this.db(collection).find(Json.parse(json), callback);
}

module.exports = MongoProvider;

I can also extend MongoProvider for specific collections to simplify the API and do additional validation:

ThingsProvider = function(config) {
  this.collection = 'things';
  this.mongoProvider = new MongoProvider(config);
  things = mongoProvider.db.collection('things');
}

ThingsProvider.prototype.fetchAll = function(callback) {
  things.fetchAll(callback);
}

//etc...

module.exports = ThingsProvider;

(I originally used util.extend, but decided that composition was more reliable because extend breaks instanceof and is unreliable)

I might continue looking for an event handling solution or build one myself. It seems a common enough use case, that I’m surprised there’s not a notification based web server framework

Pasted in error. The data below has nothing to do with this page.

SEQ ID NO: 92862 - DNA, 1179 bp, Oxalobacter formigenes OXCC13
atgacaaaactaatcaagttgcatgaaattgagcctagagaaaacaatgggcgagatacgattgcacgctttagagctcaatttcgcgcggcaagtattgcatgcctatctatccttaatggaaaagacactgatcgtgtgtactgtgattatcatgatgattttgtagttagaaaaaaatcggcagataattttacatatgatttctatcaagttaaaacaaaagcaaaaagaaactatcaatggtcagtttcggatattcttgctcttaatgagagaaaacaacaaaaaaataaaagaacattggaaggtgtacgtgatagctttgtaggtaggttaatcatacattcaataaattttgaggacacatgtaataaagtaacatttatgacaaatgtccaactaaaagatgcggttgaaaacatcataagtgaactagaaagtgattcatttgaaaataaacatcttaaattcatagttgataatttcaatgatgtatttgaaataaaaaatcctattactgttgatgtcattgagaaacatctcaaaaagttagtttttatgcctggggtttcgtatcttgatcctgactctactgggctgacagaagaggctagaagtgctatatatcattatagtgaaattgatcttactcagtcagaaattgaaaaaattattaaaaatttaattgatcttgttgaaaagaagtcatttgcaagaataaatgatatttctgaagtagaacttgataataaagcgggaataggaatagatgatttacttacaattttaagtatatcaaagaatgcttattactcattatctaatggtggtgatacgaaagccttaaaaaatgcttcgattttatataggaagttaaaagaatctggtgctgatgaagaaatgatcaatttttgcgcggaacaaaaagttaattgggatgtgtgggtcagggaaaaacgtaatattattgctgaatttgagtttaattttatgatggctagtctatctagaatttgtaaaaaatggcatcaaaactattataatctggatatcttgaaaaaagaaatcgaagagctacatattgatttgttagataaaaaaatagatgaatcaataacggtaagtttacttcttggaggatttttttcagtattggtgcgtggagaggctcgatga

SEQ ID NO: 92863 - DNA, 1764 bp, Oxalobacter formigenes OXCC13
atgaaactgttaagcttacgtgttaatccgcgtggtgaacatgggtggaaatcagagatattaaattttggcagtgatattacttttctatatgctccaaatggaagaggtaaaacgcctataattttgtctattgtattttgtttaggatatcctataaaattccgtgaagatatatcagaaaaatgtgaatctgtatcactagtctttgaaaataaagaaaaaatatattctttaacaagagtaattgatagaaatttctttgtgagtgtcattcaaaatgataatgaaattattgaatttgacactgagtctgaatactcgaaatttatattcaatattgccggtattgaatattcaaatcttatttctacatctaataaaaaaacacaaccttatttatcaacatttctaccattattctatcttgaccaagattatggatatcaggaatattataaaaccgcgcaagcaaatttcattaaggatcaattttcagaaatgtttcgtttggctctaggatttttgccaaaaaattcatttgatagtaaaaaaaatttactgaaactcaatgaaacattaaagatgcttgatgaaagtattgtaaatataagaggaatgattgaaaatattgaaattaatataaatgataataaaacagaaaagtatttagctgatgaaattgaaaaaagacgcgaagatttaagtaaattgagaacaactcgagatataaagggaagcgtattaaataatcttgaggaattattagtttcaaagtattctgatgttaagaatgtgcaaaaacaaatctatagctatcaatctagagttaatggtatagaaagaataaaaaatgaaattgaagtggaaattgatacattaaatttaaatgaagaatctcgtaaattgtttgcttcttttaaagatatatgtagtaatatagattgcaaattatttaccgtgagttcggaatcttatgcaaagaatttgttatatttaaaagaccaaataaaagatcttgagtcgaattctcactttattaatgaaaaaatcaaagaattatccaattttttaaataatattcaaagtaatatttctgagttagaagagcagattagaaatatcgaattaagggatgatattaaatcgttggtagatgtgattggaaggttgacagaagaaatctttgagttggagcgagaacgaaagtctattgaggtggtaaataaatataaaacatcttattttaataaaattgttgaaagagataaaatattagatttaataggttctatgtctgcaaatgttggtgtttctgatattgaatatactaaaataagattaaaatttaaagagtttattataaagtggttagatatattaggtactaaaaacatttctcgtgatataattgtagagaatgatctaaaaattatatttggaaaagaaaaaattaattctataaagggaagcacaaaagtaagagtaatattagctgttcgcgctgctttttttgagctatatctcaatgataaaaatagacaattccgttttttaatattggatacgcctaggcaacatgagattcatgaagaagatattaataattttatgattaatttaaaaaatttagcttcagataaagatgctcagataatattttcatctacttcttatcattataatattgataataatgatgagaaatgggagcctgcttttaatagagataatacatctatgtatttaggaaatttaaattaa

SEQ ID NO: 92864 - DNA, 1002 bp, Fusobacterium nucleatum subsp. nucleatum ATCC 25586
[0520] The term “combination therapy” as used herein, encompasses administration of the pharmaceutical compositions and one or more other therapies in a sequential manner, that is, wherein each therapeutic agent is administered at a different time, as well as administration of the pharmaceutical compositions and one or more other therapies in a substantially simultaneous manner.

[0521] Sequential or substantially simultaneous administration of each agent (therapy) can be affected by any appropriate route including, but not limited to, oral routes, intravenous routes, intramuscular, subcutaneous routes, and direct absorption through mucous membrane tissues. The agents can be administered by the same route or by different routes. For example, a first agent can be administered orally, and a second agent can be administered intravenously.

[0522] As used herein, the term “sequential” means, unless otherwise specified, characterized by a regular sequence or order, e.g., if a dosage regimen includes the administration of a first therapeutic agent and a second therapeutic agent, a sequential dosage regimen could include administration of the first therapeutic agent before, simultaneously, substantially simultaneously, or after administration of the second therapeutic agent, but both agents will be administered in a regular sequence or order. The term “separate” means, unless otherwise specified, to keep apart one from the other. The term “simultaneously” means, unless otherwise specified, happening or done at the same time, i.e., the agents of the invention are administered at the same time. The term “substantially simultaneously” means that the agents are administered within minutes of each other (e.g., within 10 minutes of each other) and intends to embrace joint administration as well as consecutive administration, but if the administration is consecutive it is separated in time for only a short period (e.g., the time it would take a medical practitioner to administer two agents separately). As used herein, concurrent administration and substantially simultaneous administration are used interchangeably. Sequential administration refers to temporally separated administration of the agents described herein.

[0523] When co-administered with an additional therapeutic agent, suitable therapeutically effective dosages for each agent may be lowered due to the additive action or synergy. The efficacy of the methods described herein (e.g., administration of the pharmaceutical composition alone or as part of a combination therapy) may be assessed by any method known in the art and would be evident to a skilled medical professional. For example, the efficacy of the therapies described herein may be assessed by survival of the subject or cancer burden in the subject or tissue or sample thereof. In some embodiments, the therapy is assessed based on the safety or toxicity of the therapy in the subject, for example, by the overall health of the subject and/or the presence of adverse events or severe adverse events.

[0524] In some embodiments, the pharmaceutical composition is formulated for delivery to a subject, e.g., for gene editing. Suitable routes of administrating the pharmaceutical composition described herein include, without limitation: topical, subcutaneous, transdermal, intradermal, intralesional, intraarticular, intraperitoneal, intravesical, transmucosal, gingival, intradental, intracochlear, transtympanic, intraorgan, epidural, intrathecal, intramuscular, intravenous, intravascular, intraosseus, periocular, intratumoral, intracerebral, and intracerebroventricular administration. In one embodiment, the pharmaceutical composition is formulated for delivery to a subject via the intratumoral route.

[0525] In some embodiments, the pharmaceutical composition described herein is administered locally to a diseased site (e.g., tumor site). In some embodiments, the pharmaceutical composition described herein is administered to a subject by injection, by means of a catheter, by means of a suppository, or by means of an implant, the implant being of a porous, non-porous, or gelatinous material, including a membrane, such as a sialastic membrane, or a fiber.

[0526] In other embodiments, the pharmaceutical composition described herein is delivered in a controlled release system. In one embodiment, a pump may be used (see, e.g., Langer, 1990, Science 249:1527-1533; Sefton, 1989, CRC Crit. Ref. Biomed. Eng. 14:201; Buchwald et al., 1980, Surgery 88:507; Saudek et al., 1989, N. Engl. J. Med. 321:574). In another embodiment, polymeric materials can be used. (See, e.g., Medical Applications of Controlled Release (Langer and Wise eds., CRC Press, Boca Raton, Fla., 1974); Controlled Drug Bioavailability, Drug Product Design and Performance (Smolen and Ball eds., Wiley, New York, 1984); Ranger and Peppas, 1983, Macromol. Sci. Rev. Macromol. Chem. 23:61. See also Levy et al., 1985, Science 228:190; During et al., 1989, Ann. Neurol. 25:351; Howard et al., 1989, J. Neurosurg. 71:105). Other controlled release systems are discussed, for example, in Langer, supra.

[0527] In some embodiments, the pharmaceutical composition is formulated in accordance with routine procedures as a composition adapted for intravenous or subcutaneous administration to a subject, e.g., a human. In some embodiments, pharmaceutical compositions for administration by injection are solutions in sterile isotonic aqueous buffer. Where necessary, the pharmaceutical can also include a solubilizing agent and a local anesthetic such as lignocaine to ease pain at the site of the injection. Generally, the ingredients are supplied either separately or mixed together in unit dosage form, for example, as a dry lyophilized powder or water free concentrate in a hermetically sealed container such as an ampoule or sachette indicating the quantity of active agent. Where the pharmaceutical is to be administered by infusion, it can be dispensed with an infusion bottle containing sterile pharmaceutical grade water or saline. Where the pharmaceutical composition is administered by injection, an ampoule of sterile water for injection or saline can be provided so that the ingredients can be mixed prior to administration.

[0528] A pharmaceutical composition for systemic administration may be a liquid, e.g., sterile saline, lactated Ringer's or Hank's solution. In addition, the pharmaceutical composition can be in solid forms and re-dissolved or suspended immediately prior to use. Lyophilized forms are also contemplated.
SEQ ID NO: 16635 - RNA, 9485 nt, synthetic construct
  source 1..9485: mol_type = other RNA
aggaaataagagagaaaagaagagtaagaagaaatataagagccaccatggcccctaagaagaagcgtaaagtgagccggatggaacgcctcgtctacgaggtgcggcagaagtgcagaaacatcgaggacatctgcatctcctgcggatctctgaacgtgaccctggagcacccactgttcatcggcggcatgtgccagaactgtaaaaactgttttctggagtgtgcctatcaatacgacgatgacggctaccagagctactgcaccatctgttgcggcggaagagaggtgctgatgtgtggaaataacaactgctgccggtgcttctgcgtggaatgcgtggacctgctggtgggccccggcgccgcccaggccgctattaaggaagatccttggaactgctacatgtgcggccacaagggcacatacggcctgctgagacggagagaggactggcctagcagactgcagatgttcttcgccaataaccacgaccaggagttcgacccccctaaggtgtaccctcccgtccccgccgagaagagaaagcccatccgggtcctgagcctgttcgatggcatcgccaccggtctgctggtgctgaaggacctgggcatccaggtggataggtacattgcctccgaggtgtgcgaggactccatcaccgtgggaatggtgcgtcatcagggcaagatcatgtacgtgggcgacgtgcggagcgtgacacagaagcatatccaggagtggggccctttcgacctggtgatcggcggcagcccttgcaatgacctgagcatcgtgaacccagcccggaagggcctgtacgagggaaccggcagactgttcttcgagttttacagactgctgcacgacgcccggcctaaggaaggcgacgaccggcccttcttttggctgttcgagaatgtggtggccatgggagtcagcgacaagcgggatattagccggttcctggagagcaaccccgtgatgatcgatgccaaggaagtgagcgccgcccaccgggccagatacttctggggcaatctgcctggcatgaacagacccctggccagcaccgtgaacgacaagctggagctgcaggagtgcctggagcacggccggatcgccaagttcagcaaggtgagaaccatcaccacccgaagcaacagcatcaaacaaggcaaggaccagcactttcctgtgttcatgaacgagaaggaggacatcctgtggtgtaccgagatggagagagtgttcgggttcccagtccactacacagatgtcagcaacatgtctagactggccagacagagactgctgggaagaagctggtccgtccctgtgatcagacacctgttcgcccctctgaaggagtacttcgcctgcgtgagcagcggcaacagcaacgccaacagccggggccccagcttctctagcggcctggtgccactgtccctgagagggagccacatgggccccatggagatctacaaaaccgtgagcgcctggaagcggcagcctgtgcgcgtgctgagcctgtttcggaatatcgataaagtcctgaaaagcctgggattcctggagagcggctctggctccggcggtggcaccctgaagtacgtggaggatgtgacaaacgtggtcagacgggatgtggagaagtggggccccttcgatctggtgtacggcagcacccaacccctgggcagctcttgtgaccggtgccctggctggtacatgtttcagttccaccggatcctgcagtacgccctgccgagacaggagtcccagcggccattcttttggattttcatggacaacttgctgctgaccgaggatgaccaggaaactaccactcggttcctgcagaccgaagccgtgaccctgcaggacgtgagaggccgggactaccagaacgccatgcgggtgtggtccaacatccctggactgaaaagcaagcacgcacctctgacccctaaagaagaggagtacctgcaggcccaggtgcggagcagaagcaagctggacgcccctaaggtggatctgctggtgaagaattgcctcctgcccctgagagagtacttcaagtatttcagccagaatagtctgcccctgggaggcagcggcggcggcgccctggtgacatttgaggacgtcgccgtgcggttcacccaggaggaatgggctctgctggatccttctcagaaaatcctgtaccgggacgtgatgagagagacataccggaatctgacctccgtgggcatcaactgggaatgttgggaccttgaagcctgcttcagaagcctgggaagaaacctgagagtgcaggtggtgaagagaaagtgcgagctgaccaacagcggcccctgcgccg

• onRequest – register an EventHandler, create a Response. If no other events are registered send the “done” event which sends the Response and flushes the EventQueue.
  • onTimeout – send the Response, either all that has been built at this point, or an error — configurable. Possibly also send “202 Accepted”.
  • onEventQueueEmpty – send “done” Event and send the Response. Send Document Empty if response has had nothing added (204 No Content) and has no defaults.
  • registerEvent – add an Event to the Queue.
  • unregisterEvent – fails if unable to stop processing